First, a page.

The temptation is so salivatingly great, and Megan Meline accepts the offer.
Given permission by her boss, Neal Kahalnik, to grab a bag (chips, cookies) or bar (candy) or can (pop), or two, of any of the items she stocks in his vending machines, she inevitably snatches a yellow bag of goodies with her trusty hands.
"I'm always grabbing peanut M & M's," Meline says with a guilty grin.
Who can blame her?
Besides, for as much as the Vernon Hills senior does -- school, volleyball, cheerleading, softball, job -- she's allowed some snacks to keep her energy up, no? When not busy with any school-related activities, she works part-time for Kahalnik, a former coach of hers and the dad of her former softball teammate Paige Kahalnik.
Vernon Hills' "Meline Machine" fills vending machines, with Kahalnik allowing the responsible student-athlete to make her own hours. Call it another way the three-sporter uses her impressive hand-eye-coordination skills.
"I love telling people and seeing their reaction," Meline says with a laugh. "They're like, 'What? You fill vending machines?' "
She has another temptation. So far, however, the lover of M & M's is not biting.
Meline, the Cougars' best pitcher since her freshman year on varsity, who's coming off the best statistical season for any softball player in the program's history, does not plan to play softball in college.
Mind you, she's 5 feet 11 with a skill package that, based on last season's statistics, suggests she boasts the ability to run (school-record 37 stolen bases), hit for both average (. 495) and power (3 homers, 10 doubles, 7 triples) and pitch (240 strikeouts in 177 innings). Her explosiveness is also evident when she spikes a volleyball or performs tumbling in cheerleading.
"Ideally, she's our No. 3 or 4 hitter," Vernon Hills coach Steve Korney says. "I may have her (bat) No. 2 a little bit this year, as well, just because she gets on base so well.
"Her skill is phenomenal."
But for as much as Meline loves her after-school job, she desires to do more in life. She is motivated to achieve greater "sweets."
So, last week, she was planning on officially accepting her offer from Illinois, where she plans to study business and not be an athlete.
"I really want to branch out. I want to join a business fraternity," says Meline, the daughter of Mike and Sara, whose youngest daughter, eighth-grader Dana, is also a multisport athlete. "I might get involved in Greek life. All I've heard is that internships are really important when you're going into business during your undergrad years. I'm looking at it realistically. If I'm going to play (softball) in college, am I going to play professionally afterward? No. There's no way.
"I'm not Jennie Finch," she adds, laughing. "Not even a little."
Not that Meline isn't tempted by the idea of firing Finch-like fastballs at the collegiate level.
She looked into softball opportunities at Case Western, Washington U. and Western Illinois. She emailed the coaches at Northwestern and UW-Madison, too. But no one offered her mega money. Schools, especially at the Division I level, for whatever reason, weren't overly interested in her.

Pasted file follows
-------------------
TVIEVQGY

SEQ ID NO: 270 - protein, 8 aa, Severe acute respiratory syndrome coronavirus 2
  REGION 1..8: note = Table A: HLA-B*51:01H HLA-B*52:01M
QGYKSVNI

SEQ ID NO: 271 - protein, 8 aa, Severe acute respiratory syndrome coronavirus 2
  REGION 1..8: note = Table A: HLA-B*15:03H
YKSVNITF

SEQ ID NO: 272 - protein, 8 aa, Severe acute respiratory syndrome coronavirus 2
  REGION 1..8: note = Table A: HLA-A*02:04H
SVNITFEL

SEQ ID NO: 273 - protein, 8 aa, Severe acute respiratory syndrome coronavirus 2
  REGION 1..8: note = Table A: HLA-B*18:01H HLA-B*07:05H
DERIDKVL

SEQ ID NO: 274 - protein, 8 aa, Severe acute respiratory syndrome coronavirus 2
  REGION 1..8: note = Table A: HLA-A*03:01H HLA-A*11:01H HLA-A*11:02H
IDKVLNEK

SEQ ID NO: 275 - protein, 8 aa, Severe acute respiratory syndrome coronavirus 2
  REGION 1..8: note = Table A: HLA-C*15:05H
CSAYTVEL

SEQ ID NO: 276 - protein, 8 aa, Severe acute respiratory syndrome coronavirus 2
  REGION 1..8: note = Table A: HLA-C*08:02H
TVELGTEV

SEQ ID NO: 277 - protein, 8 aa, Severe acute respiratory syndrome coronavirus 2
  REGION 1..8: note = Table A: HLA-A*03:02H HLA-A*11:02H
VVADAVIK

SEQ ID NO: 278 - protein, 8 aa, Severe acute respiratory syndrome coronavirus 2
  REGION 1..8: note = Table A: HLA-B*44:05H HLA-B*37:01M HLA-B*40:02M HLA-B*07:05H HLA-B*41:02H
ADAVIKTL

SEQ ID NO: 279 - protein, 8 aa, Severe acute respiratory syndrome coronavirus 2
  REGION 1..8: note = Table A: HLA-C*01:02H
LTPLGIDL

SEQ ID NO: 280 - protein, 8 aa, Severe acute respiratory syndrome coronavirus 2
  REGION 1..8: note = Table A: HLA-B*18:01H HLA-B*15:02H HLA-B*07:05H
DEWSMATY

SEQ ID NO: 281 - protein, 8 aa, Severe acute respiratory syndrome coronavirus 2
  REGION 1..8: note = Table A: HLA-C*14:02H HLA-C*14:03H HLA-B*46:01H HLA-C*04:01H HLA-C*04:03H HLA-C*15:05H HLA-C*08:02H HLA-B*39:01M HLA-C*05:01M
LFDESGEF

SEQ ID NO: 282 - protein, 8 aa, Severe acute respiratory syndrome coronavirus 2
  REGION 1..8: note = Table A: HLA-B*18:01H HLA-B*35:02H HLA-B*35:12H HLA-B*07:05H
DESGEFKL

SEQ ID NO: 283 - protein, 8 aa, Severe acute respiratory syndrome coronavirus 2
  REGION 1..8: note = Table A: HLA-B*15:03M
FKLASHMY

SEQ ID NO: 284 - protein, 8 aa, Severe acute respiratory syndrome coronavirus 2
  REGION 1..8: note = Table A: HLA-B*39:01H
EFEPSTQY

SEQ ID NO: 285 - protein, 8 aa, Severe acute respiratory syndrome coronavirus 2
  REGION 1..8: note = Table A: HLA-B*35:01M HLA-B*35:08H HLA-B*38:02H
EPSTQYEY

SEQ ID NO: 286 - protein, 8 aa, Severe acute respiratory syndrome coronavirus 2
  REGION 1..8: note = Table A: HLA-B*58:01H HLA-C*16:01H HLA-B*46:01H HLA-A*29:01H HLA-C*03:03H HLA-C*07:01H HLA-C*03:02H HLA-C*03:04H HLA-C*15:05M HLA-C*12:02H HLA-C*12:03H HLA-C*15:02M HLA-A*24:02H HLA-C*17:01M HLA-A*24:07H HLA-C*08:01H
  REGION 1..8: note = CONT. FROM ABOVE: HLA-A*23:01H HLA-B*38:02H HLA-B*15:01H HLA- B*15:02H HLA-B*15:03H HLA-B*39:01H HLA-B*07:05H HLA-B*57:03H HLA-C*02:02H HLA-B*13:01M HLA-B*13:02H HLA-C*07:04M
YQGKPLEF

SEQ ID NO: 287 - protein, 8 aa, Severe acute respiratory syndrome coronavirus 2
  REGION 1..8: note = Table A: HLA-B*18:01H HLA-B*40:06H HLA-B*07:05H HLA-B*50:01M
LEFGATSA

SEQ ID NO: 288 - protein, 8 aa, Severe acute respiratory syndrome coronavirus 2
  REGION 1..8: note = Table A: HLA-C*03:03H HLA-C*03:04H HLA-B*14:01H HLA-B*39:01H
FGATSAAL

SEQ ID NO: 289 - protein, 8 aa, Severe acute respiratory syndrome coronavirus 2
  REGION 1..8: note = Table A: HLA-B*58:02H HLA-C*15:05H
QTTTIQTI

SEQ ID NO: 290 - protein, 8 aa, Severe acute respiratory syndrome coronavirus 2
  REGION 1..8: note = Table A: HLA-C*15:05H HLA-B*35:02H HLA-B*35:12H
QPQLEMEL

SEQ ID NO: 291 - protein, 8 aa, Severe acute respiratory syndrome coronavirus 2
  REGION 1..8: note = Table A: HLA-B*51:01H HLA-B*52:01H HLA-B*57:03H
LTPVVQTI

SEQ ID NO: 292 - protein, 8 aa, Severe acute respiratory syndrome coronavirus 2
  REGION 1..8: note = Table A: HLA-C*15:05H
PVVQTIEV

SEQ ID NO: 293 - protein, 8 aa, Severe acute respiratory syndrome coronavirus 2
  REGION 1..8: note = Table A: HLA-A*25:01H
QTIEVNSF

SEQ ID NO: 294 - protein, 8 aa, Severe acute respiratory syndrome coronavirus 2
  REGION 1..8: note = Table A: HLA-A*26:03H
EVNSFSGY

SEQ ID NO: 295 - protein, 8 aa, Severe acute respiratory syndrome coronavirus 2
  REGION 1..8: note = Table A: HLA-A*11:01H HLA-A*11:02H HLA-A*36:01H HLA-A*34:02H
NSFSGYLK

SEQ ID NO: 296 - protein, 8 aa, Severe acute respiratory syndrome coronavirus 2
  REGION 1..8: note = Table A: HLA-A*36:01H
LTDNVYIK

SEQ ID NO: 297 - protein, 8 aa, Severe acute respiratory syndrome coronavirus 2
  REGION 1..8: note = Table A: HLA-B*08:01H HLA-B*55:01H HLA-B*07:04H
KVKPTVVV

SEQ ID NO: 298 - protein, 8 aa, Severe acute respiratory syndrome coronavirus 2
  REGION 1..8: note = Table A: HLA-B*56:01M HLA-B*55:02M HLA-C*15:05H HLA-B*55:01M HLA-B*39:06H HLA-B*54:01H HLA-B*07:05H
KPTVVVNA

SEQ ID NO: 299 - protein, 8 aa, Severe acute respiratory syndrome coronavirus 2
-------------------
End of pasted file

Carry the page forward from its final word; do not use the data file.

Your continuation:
It didn't help her cause that she let a lot of people know early in the recruiting process that she wasn't completely committed to playing softball in college.
"Looking at the pros and cons," Meline says, "it just wasn't an advantageous situation at all."
She's not bitter.
"I guess it's still all a possibility," Meline says of accepting an offer to play if someone, say, offered her an attractive package after watching her play this spring.
Korney, for one, respects his star player's decision if she sticks with her game plan of being strictly a student in college.
"I think she knows what's best for her," he says.
For the short-term, Meline's goal is simply getting back in the pitching circle. In Vernon Hills' season opener against Palatine last week, she served as the Cougars' flex player, relegated to only playing first base because of a left hamstring injury.
After helping Vernon Hills' cheerleading team place fourth in the state this winter, she was getting ready to perform with her teammates at a school assembly.
"I hadn't done my jumps for a few days because my hamstring had really been bothering me," Meline says. "I think part of (the injury) was (due to) softball, striding for pitching. Right before the assembly, I tried to simulate a jump. I kicked as I went up, as hard as I could, and I heard just this awful, like, pop. It was really painful."
She then performed in the assembly and aggravated the hamstring.
"I'm just glad that I'm able to jog," she says.
She's happy, too, that she challenged herself to go out for cheerleading her junior year. Call it part of that "branching out" that she likes to do.
"I was like, 'You know what? Why not be a three-sport athlete as an upperclassman?' " Meline says. "I'm really glad that I did. I made a lot of friends. State was such a phenomenal experience, and I'm hoping that I can bring that to the (softball) team this year.
"I'm just hoping I can get healthy fast," she adds. "It would be so disappointing if after three years (of playing varsity softball), cheerleading is what takes me out of the game."
If you're around town and drop some coins in a vending machine, look next to it. You might see a Vernon Hills softball poster, complete with posed players and season schedule. The posters are something new for the Cougars this season.
"We're hoping it'll get people to come to our games," Meline says. "But we look pretty intense. So I don't know if it will attract people or scare them away."
Better go watch the girls play.
It might be your last chance to see Megan Meline do her thing.